Stem Cells Resistant to Chemotherapy Can Regrow Healthy or Enhanced Tissue

A new method has been developed which prepares the body to use new stem cells to replace defective cells and tissue in the body. H/T

The world-first procedure has been successfully used to regrow muscles in a mouse model, but it could be applied to all tissue-based illnesses in humans such as in the liver, pancreas or brain. Adult stem cells are given a gene that makes them resistant to chemotherapy, which is used to clean out damaged cells and allow the new stem cells to take hold.

While trials of the procedure are at the pre-clinical stage, researchers are looking to launch human trials treating specific forms of muscular dystrophy such as oculopharyngeal dystrophy within the next three to five years.

This method could also be used to allow stem cells with other genetic enhancements to take hold. Further enhancements to replacement muscle, liver or brain cells could be made before replacing old tissue. Gene therapy has been used to enhance the muscles in mice.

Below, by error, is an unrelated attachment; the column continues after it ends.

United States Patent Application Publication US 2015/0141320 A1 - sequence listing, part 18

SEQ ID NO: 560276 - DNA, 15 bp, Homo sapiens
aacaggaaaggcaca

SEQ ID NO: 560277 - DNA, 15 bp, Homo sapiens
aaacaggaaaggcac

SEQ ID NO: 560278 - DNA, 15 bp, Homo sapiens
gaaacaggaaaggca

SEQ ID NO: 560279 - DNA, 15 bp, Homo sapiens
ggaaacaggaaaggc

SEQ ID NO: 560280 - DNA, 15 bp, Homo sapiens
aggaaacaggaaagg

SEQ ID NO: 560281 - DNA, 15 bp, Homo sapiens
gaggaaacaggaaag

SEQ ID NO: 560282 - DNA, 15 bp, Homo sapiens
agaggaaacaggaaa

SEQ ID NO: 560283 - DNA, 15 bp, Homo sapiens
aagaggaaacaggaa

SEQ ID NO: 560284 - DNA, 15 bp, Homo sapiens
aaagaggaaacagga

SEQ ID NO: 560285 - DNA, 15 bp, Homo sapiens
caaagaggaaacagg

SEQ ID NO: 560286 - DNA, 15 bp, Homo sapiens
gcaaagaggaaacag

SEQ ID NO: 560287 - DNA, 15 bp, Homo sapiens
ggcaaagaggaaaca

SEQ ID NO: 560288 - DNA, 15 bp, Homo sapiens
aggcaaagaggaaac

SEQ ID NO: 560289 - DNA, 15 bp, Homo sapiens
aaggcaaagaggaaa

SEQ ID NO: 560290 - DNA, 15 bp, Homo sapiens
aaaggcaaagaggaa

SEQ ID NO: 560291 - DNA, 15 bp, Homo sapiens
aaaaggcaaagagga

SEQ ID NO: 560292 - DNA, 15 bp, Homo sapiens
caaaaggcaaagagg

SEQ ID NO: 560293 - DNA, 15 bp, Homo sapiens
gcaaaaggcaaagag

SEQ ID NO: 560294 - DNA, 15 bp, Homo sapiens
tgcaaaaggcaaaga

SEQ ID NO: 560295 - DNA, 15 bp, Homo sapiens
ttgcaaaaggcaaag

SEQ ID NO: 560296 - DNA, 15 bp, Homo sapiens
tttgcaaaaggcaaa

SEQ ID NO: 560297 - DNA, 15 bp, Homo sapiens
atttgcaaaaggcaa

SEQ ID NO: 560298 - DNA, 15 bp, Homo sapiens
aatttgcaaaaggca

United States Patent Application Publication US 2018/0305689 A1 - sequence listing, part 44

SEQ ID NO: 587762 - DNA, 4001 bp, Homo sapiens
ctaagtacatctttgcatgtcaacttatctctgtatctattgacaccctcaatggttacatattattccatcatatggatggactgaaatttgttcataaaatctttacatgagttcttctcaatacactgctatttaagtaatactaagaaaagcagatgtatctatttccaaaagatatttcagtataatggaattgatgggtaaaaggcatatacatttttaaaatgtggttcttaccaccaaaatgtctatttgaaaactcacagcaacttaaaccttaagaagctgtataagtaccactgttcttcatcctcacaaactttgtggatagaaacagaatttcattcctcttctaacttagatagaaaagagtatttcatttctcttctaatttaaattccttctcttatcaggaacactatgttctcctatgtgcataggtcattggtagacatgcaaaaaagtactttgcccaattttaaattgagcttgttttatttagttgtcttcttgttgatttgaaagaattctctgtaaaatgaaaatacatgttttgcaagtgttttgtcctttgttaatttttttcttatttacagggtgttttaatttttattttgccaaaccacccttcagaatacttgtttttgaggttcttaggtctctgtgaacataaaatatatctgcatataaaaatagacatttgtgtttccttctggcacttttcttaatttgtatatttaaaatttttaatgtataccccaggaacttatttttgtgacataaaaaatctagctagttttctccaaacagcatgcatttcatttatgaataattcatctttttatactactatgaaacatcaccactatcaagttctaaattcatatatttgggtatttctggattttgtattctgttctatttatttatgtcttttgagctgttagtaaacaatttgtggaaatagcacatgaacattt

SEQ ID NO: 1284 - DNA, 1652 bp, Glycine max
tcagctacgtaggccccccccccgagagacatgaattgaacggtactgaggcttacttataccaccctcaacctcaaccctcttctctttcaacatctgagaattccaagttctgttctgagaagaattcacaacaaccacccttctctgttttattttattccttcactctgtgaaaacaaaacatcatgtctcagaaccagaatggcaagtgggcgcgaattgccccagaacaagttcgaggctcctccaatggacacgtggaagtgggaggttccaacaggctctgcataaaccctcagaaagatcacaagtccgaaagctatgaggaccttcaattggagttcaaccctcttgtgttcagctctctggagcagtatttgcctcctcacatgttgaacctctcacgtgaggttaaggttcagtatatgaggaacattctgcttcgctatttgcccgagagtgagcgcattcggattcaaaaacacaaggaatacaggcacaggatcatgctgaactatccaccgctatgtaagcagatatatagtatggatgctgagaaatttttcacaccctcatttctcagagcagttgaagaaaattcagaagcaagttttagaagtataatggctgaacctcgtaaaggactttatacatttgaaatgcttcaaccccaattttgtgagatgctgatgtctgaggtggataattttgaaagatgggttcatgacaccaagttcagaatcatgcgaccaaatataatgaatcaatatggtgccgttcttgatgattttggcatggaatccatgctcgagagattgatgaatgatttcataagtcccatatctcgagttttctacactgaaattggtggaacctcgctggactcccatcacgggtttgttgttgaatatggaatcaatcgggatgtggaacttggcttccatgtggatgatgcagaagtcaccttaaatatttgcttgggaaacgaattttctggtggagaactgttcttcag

Follistatin has been used to inhibit myostatin. Successful myostatin manipulation can be four times more effective than high dose steroids without the medical downside and side effects of steroids.

The procedure solves one of the major hurdles involving stem cell therapy – getting the cells to survive for more than an hour or so after inserting them into damaged tissue.

It seems possible this could lead to incorporating transgenic genetic muscle enhancements that relate to superior Gorilla strenghth (lift two tons) or cheetah speed (45 mph in bipeds).